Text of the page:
Delivering affordable housing supply
Affordable housing brings with it countless societal benefits, but the UK still suffers from a chronic undersupply. At Legal & General we’ve been working with the British Property Federation Affordable Housing Committee’s members to develop a series of recommendations to address the problem.
With 1.2 million households on social housing waiting lists in England, an estimated 145,000 affordable homes need to be built each year to meet demand – that’s nearly three times the number built in recent years.
This is a societal issue that we’re passionate about solving, which is why we’ve worked with the British Property Federation to look at what needs to be done to increase the supply of affordable housing. Housing associations, local authorities and developers have shown imagination and determination to overcome obstacles, however our analysis suggests that they are unlikely to be able to increase supply to what is required on their own.
Set within the context of ever more tightly constrained public spending (and despite an expanded affordable housing programme) it is quite clear that output of new affordable homes is still well below what is required and is coming under further strain. The social and economic costs of this continued under provision are very substantial and growing.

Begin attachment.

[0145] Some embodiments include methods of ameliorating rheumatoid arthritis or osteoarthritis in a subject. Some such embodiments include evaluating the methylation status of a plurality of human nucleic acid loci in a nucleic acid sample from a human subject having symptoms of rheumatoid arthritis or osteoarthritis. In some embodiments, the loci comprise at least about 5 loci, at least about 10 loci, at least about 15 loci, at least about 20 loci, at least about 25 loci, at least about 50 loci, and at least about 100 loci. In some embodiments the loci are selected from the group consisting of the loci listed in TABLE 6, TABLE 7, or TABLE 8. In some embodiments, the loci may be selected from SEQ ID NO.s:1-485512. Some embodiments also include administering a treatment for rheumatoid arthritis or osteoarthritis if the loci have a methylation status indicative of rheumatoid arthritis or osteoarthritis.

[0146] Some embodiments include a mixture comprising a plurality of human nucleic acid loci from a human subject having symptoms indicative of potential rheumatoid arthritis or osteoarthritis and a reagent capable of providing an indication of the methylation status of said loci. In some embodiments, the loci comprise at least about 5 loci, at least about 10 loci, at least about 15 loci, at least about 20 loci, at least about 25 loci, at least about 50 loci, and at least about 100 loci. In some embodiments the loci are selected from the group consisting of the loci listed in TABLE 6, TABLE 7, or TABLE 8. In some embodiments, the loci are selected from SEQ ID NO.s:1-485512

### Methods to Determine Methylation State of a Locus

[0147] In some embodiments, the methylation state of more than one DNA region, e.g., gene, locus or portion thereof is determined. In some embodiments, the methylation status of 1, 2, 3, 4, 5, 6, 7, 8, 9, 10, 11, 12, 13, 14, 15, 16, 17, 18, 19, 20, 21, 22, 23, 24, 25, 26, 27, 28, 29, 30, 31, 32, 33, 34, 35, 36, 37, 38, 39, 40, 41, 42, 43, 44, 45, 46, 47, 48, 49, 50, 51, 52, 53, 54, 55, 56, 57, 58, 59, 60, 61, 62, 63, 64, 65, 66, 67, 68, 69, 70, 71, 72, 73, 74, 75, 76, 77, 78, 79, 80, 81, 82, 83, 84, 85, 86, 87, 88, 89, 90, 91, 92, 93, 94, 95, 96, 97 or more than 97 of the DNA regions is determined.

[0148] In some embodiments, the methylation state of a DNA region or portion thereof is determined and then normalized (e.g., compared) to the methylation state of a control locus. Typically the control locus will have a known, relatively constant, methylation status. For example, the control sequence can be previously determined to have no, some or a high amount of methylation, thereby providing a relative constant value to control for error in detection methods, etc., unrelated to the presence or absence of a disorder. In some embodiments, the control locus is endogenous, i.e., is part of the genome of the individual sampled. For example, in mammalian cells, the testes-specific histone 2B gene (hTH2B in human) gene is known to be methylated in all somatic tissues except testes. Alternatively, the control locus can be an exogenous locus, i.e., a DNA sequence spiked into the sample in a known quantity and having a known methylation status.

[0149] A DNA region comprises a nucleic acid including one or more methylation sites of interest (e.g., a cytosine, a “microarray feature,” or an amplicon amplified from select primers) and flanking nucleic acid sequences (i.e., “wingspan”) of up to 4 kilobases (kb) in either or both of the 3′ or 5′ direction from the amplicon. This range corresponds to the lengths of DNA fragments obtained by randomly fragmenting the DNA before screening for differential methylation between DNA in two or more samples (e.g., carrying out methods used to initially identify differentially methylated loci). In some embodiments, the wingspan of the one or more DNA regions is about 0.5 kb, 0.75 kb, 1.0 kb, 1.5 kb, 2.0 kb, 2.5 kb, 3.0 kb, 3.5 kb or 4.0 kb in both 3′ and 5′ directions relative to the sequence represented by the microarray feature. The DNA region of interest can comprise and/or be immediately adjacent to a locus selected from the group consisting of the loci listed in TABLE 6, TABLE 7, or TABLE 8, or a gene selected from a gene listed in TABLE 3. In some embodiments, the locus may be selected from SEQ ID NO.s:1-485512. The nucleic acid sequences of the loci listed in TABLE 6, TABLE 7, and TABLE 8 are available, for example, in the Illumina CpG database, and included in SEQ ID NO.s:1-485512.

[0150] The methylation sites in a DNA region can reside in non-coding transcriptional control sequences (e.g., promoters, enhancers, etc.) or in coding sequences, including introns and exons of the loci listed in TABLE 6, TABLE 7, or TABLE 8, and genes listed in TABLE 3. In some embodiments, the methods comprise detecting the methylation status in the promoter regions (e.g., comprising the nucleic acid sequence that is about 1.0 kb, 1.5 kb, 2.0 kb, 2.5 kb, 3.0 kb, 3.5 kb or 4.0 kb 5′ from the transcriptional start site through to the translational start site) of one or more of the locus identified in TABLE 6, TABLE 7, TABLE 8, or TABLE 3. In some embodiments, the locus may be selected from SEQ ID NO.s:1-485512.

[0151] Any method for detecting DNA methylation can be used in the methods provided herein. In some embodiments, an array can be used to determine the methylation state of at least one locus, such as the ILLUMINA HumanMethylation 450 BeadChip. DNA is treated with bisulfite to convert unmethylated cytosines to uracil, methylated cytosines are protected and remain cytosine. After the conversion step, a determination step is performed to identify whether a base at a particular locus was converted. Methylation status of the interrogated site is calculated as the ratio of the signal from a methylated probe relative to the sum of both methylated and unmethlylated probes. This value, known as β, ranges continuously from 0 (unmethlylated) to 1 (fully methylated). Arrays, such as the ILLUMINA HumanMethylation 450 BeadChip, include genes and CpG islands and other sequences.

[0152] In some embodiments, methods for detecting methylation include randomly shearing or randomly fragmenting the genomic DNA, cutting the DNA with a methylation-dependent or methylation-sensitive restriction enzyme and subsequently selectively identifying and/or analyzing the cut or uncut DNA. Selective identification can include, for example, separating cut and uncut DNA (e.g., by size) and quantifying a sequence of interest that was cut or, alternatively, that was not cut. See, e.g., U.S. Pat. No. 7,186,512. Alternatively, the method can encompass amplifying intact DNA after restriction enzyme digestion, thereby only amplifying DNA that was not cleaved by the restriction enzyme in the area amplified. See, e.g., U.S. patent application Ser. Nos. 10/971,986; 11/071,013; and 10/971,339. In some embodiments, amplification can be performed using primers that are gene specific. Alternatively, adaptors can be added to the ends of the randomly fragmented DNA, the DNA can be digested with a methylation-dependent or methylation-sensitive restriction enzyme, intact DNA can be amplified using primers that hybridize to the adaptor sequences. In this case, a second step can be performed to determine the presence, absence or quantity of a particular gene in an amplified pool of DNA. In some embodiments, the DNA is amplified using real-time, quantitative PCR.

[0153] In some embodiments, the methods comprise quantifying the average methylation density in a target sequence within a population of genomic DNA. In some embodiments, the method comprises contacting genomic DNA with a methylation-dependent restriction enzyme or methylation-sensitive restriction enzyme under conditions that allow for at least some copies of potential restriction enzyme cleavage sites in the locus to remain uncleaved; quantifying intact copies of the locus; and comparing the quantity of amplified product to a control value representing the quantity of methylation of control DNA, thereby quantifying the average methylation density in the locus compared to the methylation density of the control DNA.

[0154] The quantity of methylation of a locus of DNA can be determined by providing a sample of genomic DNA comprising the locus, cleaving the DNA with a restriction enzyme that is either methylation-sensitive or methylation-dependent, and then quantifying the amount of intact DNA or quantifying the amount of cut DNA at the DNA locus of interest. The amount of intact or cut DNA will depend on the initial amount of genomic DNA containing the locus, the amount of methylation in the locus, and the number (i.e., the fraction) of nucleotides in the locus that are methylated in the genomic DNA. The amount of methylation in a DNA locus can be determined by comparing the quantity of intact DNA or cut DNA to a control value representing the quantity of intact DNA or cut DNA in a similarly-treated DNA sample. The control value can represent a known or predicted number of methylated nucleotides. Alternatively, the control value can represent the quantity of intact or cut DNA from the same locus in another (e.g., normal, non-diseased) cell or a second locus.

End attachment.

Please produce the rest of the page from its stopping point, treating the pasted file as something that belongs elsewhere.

What did we do, and what did we discover?
We modelled the financial position of housing associations to assess overall capacity. In the last decade, Government funding for affordable housing has been at historically low levels. Housing associations have typically needed to rely on borrowing to build but are increasingly hitting debt limits.
On top of this financial limit, housing associations face other major challenges. The cross-subsidy model used in recent years to counteract reduced grants and lack of equity funding has weakened, and there are huge new demands around building safety that have resulted in resources, of necessity, being spent on the existing stock rather than new build.
The biggest headwind facing the sector over the long-term is decarbonisation. With requirements for all homes to reach net zero carbon emissions by 2050, it is estimated that this will result in an additional long-term capital requirement of up to £50bn.
Pulling these together, our work found that this will realistically cap the number of homes delivered by the traditional affordable housing sector at 65,000 per year. Once multiple other are taken into account such as organisation-specific covenants, risk appetite levels and varying levels of development expertise, the true realistic long-term number may be significantly smaller.
Therefore, to meet the real long-term target of around 145,000 more affordable homes, we will require £34bn of additional capital funding each year. This needs to come from a significant increase in the level of Government grants as well as major volumes of both new equity into the sector and debt.
What’s the solution?
Whilst debt is readily available, supply cannot be increased without increasing the provision of both subsidy and equity.